• An ice storm that hit western Oklahoma Jan. 27 left over 180,000 people without power. The Tulsa District's Power Response team was deployed to install generators to provide temporary power to critical facilities in the area.

    Ice storm damage

    An ice storm that hit western Oklahoma Jan. 27 left over 180,000 people without power. The Tulsa District's Power Response team was deployed to install generators to provide temporary power to critical facilities in the area.

  • A member of the Power Response Team discusses "Operation Mr. Freeze" with Earl Groves, chief of the district's operations division.

    USACE Emergency Operations vehicle

    A member of the Power Response Team discusses "Operation Mr. Freeze" with Earl Groves, chief of the district's operations division.

  • Members of the U.S. Army Corps of Engineers, Tulsa District's Power Response Team work to help provide temporary power to critical facilities after a major ice storm hit western Oklahoma on Jan. 27.

    Members of power response team

    Members of the U.S. Army Corps of Engineers, Tulsa District's Power Response Team work to help provide temporary power to critical facilities after a major ice storm hit western Oklahoma on Jan. 27.

TULSA, Okla. - When disaster strikes and a large number of people are left in the dark, the Tulsa District's Power Response Team is called into action to help restore temporary power. The ice storm that struck western Oklahoma Jan. 27 was no exception.

Fourteen employees from the PRT deployed on the operation, which was known internally as "Operation Mr. Freeze," to coordinate the installation of generators that restored power to water treatment plants, hospitals, police stations, nursing homes, and other facilities critical to the area's infrastructure.

The majority of the team deployed to Fort Sill in Lawton, Okla., the staging area for the operation. Two other Corps employees were deployed to Oklahoma City, where they coordinated with state officials. Some team members remained deployed until the last generator was uninstalled on Feb. 16.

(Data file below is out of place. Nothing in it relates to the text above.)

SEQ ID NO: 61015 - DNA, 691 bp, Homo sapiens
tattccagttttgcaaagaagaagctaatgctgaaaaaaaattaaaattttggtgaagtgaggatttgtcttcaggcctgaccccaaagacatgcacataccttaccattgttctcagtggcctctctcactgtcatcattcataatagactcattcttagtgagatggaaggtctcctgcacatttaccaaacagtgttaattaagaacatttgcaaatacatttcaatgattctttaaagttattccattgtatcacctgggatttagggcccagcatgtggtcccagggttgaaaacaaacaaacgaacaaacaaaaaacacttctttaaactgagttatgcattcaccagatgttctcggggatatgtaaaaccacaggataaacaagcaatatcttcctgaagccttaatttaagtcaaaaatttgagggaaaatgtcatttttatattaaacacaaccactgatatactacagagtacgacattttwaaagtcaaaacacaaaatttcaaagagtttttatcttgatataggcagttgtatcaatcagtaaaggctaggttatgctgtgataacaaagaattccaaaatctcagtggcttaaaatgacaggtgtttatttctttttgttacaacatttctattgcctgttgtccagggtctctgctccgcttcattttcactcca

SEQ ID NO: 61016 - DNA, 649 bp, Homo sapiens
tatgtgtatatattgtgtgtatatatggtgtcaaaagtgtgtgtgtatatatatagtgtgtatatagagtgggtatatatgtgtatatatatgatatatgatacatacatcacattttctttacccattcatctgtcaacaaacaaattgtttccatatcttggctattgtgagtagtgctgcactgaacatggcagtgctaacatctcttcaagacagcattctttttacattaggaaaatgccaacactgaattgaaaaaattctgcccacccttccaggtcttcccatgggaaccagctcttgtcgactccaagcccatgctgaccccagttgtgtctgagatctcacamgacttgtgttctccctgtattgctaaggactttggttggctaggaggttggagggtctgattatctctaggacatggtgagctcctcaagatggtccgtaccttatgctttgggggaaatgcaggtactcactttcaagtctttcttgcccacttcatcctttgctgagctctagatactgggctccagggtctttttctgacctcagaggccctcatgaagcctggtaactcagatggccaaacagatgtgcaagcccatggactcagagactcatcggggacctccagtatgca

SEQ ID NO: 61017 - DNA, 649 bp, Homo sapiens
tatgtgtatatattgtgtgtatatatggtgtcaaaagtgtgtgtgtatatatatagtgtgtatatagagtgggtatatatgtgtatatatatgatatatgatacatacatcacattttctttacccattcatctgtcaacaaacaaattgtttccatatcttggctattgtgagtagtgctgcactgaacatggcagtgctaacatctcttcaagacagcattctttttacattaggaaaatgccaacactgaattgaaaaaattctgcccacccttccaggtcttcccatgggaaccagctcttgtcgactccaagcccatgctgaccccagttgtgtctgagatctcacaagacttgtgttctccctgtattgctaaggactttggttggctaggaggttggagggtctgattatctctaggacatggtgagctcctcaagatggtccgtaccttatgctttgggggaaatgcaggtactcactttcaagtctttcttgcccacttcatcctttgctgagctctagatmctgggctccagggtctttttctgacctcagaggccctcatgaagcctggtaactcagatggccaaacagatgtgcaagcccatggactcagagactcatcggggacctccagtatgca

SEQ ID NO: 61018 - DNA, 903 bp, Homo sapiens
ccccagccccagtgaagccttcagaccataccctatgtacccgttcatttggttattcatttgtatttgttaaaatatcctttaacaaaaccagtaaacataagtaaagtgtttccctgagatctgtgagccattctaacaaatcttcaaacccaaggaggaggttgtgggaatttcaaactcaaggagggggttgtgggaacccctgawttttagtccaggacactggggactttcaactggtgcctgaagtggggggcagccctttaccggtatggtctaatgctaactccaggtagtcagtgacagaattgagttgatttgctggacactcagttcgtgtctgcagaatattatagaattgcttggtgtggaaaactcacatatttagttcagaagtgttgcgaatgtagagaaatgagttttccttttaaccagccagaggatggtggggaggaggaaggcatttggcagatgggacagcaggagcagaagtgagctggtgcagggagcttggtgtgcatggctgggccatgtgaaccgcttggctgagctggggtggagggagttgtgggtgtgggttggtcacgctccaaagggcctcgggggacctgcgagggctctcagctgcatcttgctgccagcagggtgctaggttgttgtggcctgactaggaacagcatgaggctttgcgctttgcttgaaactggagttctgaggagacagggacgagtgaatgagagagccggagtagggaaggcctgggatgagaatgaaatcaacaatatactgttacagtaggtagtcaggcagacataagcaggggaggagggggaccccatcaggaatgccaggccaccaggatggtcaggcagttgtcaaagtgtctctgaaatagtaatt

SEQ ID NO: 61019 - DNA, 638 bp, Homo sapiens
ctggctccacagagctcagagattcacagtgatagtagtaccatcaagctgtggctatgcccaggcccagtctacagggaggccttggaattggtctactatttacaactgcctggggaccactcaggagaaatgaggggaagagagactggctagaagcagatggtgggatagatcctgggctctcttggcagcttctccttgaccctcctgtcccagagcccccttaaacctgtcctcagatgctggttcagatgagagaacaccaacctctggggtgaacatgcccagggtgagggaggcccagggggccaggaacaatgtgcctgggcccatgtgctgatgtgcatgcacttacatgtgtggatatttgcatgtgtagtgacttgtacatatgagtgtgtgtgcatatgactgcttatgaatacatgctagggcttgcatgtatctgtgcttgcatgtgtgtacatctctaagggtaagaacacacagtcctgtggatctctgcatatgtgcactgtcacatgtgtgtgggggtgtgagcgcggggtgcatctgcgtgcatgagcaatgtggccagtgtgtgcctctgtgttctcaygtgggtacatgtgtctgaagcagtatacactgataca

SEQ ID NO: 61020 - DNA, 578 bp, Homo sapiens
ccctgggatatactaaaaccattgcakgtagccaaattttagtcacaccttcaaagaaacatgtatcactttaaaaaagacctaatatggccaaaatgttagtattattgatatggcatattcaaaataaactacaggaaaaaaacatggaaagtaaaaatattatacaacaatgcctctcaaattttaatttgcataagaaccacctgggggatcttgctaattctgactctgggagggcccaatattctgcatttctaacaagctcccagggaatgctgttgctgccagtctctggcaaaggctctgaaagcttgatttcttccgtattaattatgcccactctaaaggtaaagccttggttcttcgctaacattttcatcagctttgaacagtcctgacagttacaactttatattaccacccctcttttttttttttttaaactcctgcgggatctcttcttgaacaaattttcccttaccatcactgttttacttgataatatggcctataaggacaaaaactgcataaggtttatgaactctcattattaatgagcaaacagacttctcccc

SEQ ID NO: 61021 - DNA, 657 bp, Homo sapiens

The PRT was responsible for overseeing the overall mission, while members of the 249th Engineer Battalion from Fort Bragg, N.C., conducted the assessment of the facilities and contractors installed and maintained the generators.

The ice storm left an estimated 180,000 people without power, some for several weeks.

Kerri Stark, who deployed with the PRT, stressed the necessity of its quick response.

"It's important for us to come in right when things happen so we can get those places set back up so they can continue running until their power comes back on," said Stark.

The team was provided 94 generators, ranging from 6,500 watts to 1,500 kilowatts, from FEMA's storage facility in Fort Worth, Texas. The team oversaw the installation of 67 of those generators.

The ice storm was compared to a similar one that hit eastern Oklahoma in 2007, which caused severe damage and power outages to that part of the state, according the Stark.

"I could tell when I was driving down the highway on my way out there that is was bad," said Stark. "As I drove further west, you could see the ice. I was shocked. There was nothing, and then all of a sudden I saw fallen trees and ice everywhere. It was like a warzone."

The power team deploys to support various disaster relief missions where the temporary restoration of power is needed. Past operations include hurricanes, tornadoes, and, for the past four years, Oklahoma has been hit with severe ice storms that required the PRT's response. It deployed on ice storm operations in December 2007, January 2008, and January 2009.

"There is a big need and a huge importance for us being there to assist in these types of situations," Stark said.

Page last updated Wed March 3rd, 2010 at 12:32